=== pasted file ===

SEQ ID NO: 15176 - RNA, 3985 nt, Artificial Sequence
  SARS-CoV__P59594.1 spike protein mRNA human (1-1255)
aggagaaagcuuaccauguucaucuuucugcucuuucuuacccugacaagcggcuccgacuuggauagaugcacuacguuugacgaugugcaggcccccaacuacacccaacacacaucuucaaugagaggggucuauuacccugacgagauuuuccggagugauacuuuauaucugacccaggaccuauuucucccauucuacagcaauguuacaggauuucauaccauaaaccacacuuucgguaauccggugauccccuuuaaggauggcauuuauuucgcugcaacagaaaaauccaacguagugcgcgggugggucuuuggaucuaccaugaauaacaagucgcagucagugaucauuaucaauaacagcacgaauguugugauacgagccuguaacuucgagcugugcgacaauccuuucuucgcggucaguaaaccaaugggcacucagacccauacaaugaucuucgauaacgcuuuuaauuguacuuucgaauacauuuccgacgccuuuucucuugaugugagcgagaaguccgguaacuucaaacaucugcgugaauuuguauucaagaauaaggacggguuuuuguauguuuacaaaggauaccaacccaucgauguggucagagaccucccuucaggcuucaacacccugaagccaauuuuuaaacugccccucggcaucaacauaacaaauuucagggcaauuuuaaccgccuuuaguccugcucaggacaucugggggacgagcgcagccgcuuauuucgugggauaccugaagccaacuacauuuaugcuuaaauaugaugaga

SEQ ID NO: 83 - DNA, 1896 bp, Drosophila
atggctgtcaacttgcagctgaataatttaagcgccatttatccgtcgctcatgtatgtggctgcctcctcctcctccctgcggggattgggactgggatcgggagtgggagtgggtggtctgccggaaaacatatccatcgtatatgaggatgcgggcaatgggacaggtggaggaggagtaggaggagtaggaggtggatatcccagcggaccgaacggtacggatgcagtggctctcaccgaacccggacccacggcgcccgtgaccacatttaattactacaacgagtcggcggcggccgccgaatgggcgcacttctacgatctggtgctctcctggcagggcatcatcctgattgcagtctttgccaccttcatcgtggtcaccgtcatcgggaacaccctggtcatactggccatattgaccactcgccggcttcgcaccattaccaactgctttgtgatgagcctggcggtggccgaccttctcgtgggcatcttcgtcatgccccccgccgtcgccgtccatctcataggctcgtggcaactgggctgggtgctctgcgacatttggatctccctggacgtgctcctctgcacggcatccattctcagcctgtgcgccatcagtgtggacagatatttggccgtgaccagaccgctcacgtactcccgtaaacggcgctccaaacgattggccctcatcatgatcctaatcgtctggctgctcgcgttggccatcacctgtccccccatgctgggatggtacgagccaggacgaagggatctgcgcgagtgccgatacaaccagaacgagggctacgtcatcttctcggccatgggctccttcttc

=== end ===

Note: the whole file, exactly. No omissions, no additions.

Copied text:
SEQ ID NO: 15176 - RNA, 3985 nt, Artificial Sequence
  SARS-CoV__P59594.1 spike protein mRNA human (1-1255)
aggagaaagcuuaccauguucaucuuucugcucuuucuuacccugacaagcggcuccgacuuggauagaugcacuacguuugacgaugugcaggcccccaacuacacccaacacacaucuucaaugagaggggucuauuacccugacgagauuuuccggagugauacuuuauaucugacccaggaccuauuucucccauucuacagcaauguuacaggauuucauaccauaaaccacacuuucgguaauccggugauccccuuuaaggauggcauuuauuucgcugcaacagaaaaauccaacguagugcgcgggugggucuuuggaucuaccaugaauaacaagucgcagucagugaucauuaucaauaacagcacgaauguugugauacgagccuguaacuucgagcugugcgacaauccuuucuucgcggucaguaaaccaaugggcacucagacccauacaaugaucuucgauaacgcuuuuaauuguacuuucgaauacauuuccgacgccuuuucucuugaugugagcgagaaguccgguaacuucaaacaucugcgugaauuuguauucaagaauaaggacggguuuuuguauguuuacaaaggauaccaacccaucgauguggucagagaccucccuucaggcuucaacacccugaagccaauuuuuaaacugccccucggcaucaacauaacaaauuucagggcaauuuuaaccgccuuuaguccugcucaggacaucugggggacgagcgcagccgcuuauuucgugggauaccugaagccaacuacauuuaugcuuaaauaugaugaga

SEQ ID NO: 83 - DNA, 1896 bp, Drosophila
atggctgtcaacttgcagctgaataatttaagcgccatttatccgtcgctcatgtatgtggctgcctcctcctcctccctgcggggattgggactgggatcgggagtgggagtgggtggtctgccggaaaacatatccatcgtatatgaggatgcgggcaatgggacaggtggaggaggagtaggaggagtaggaggtggatatcccagcggaccgaacggtacggatgcagtggctctcaccgaacccggacccacggcgcccgtgaccacatttaattactacaacgagtcggcggcggccgccgaatgggcgcacttctacgatctggtgctctcctggcagggcatcatcctgattgcagtctttgccaccttcatcgtggtcaccgtcatcgggaacaccctggtcatactggccatattgaccactcgccggcttcgcaccattaccaactgctttgtgatgagcctggcggtggccgaccttctcgtgggcatcttcgtcatgccccccgccgtcgccgtccatctcataggctcgtggcaactgggctgggtgctctgcgacatttggatctccctggacgtgctcctctgcacggcatccattctcagcctgtgcgccatcagtgtggacagatatttggccgtgaccagaccgctcacgtactcccgtaaacggcgctccaaacgattggccctcatcatgatcctaatcgtctggctgctcgcgttggccatcacctgtccccccatgctgggatggtacgagccaggacgaagggatctgcgcgagtgccgatacaaccagaacgagggctacgtcatcttctcggccatgggctccttcttc